Mike Wynne could have walked away from football.
Many players would have, and Neshaminy coach Mark Schmidt, for one, certainly would have understood if his standout punter had opted to bid farewell to the sport after suffering a traumatic lower ankle break in his kicking leg during his team’s game against Harry S. Truman last season.
“The thing about Wynne that’s so great – that injury he had would scare anybody and make anybody think twice about trying to come back,” the Redskins’ coach said. “It was one of the worst I’ve seen, but there was not a hesitation in him at all.
“He was in the weight room doing upper body work with his leg all casted up. He was rehabbing in between lifting and running.”
And he came back.
Wynne has chosen to give up playing wide receiver, but he is the Redskins’ punter. And he has come back strong.
“He’s punting at an all-league level,” Schmidt said. “When he can, he’ll jump in and help out with the scout team. He’ll run a couple of routes, but he just can’t do it day in and day out because that ankle gets really sore.
“He just goes out and tries to help the team the best he can.”
Wynne has been punting since he was an eight-year-old playing Pop Warner football.
“Coaches saw I had the leg strength to punt the ball far, and as the years went by, I was able to punt the ball further,” he said.
The injury that could have ended his career occurred while Wynne was seeing action at wide receiver in the Redskins’ 62-14 win over Truman in September of last year.
“He was developing into a really good kicker,” said Schmidt. “We put him in the game (at wide receiver), and he was just at the wrong place at the wrong time.”
Wynne was blocking downfield when the injury occurred.
“Our running back got tackled behind me into the back of my leg, and that’s when they fell on it,” he said.
The injury – a broken tibia and fibula and dislocated ankle– required immediate surgery and then a lengthy rehab.
“I was in a cast for two weeks,” he said. “After they took it out, I wasn’t allowed to walk on it. I went to physical therapy for two-and-a-half months.
“I felt bad because I wasn’t able to help my team at all. I just knew afterwards what I would have to do to prepare for this year.”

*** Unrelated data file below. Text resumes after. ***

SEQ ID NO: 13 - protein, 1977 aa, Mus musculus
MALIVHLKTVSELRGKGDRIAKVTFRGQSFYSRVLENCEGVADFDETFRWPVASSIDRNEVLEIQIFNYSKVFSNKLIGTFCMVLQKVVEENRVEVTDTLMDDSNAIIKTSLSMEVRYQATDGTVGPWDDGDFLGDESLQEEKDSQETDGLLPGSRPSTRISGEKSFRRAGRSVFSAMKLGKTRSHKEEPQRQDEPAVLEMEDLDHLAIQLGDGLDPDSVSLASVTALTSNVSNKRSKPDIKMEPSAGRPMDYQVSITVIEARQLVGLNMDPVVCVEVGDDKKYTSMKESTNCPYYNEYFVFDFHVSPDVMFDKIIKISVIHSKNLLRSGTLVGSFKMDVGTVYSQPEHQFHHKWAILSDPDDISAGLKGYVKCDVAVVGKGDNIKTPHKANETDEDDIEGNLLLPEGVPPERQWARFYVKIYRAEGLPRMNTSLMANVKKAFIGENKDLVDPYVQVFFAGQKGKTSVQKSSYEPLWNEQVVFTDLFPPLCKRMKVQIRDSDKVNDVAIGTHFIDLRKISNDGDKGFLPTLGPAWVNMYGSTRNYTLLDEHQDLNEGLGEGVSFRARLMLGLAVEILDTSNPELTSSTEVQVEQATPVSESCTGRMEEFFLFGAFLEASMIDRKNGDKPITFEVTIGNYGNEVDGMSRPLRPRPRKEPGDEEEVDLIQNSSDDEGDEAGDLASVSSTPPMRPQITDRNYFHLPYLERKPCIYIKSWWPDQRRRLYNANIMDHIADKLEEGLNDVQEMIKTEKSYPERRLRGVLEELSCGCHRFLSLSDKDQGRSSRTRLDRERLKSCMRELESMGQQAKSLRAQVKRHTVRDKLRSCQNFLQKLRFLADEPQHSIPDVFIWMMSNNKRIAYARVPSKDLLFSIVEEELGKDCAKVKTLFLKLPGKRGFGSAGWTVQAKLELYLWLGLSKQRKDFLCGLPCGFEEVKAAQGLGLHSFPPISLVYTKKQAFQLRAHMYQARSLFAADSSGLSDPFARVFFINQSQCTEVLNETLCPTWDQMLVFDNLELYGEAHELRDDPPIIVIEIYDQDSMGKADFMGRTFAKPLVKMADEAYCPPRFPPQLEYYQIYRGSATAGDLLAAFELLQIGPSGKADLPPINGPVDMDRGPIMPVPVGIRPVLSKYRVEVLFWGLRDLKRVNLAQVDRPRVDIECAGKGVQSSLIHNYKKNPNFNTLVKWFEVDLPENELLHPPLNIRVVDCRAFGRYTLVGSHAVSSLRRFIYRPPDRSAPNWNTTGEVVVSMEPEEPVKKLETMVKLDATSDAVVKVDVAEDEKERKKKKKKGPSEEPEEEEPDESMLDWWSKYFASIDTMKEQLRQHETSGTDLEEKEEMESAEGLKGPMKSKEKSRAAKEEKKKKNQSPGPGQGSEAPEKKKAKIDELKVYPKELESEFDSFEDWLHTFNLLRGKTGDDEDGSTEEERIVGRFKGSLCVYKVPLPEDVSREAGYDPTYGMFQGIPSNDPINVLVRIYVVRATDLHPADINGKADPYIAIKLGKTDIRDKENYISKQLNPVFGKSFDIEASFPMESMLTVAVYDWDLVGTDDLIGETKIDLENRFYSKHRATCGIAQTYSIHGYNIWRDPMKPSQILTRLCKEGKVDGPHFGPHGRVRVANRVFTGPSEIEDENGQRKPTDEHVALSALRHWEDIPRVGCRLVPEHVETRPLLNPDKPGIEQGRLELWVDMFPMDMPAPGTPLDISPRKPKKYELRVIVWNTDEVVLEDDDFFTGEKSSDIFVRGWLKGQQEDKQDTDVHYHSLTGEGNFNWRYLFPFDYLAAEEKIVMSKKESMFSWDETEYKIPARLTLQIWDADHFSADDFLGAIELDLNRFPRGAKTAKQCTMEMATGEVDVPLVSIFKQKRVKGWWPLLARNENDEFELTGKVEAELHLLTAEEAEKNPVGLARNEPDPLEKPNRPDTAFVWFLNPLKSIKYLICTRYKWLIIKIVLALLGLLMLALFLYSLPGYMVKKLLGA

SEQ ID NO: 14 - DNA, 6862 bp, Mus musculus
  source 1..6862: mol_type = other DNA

Six months after his initial surgery, Wynne had a second surgery to remove the metal plate. Once again, he went through physical therapy and eventually was able to begin running and conditioning with his teammates.
“It was definitely harder because of the impact it had on my ankle,” Wynne said. “When I first started punting again, I wasn’t too happy about it, but I knew I would have to keep working with it, and it would come back to me.
“Because of my ankle I wasn’t able to do a lot of leg strengthening things in the beginning. I did a lot of work trying to bend the ankle and trying to get it more flexible. I wasn’t able to do a lot of squatting, so I thought maybe repetitions of punting would get me back in the spot I needed to be.”
While the injury took its toll, Wynne never gave serious consideration to quitting football, and in December, he will be attending a kicking camp at Rutgers with his sights set on a collegiate career.
“Hopefully, that will get me some attention since I didn’t have a junior year,” he said. “I feel like if it wouldn’t have happened I would be doing better than I am now, but I’m still trying to do what I can right now with what I have. Halfway through the season, I felt a difference in my ankle – how tired it was because of my broken ankle.”
Tired ankle aside, Wynne is enjoying every minute of his final high school football season.
“I am definitely excited knowing we got here with the record we have,” he said. “Since we’ve been doing good, I haven’t gotten that many punts. When I have a chance, I try to put our defense in a good position.”
According to his coach, Wynne – who knows how to pin opposing teams deep in their own territory – is highly regarded by his teammates.
“The best thing about him is his attitude,” Schmidt said. “He’s not the biggest talker in the world, but he shows up every day, and he’s really earned the respect of every member of our football team.
“They love him to death. Even last year as a junior – we had a good number of seniors, and the next day after his injury when he was going through surgery, the hospital was packed with our kids. He’s just that kind of guy.”
The kind of guy every football team needs if it hopes to be successful.